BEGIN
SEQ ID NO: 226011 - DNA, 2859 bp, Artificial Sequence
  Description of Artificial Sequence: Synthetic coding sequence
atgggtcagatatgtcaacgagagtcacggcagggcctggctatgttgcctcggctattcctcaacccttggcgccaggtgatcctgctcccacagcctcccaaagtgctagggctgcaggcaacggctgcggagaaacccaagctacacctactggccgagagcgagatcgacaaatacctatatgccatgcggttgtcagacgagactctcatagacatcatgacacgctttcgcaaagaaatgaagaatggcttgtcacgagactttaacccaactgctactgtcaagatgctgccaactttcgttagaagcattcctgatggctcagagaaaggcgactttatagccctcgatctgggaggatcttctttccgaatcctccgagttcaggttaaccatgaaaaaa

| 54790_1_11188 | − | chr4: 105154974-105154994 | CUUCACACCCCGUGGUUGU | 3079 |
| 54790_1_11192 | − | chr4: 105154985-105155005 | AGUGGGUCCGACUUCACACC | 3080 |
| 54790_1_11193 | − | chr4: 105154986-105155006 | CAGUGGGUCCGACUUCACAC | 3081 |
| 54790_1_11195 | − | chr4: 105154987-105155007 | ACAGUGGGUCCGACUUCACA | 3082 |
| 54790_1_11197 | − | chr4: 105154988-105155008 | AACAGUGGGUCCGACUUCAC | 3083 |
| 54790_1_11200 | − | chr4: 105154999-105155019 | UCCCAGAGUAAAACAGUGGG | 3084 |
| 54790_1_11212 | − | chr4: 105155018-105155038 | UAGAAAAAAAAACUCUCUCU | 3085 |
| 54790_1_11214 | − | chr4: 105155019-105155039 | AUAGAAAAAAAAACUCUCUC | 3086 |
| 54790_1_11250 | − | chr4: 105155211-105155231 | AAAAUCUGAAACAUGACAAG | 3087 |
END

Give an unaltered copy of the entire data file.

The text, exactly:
SEQ ID NO: 226011 - DNA, 2859 bp, Artificial Sequence
  Description of Artificial Sequence: Synthetic coding sequence
atgggtcagatatgtcaacgagagtcacggcagggcctggctatgttgcctcggctattcctcaacccttggcgccaggtgatcctgctcccacagcctcccaaagtgctagggctgcaggcaacggctgcggagaaacccaagctacacctactggccgagagcgagatcgacaaatacctatatgccatgcggttgtcagacgagactctcatagacatcatgacacgctttcgcaaagaaatgaagaatggcttgtcacgagactttaacccaactgctactgtcaagatgctgccaactttcgttagaagcattcctgatggctcagagaaaggcgactttatagccctcgatctgggaggatcttctttccgaatcctccgagttcaggttaaccatgaaaaaa

| 54790_1_11188 | − | chr4: 105154974-105154994 | CUUCACACCCCGUGGUUGU | 3079 |
| 54790_1_11192 | − | chr4: 105154985-105155005 | AGUGGGUCCGACUUCACACC | 3080 |
| 54790_1_11193 | − | chr4: 105154986-105155006 | CAGUGGGUCCGACUUCACAC | 3081 |
| 54790_1_11195 | − | chr4: 105154987-105155007 | ACAGUGGGUCCGACUUCACA | 3082 |
| 54790_1_11197 | − | chr4: 105154988-105155008 | AACAGUGGGUCCGACUUCAC | 3083 |
| 54790_1_11200 | − | chr4: 105154999-105155019 | UCCCAGAGUAAAACAGUGGG | 3084 |
| 54790_1_11212 | − | chr4: 105155018-105155038 | UAGAAAAAAAAACUCUCUCU | 3085 |
| 54790_1_11214 | − | chr4: 105155019-105155039 | AUAGAAAAAAAAACUCUCUC | 3086 |
| 54790_1_11250 | − | chr4: 105155211-105155231 | AAAAUCUGAAACAUGACAAG | 3087 |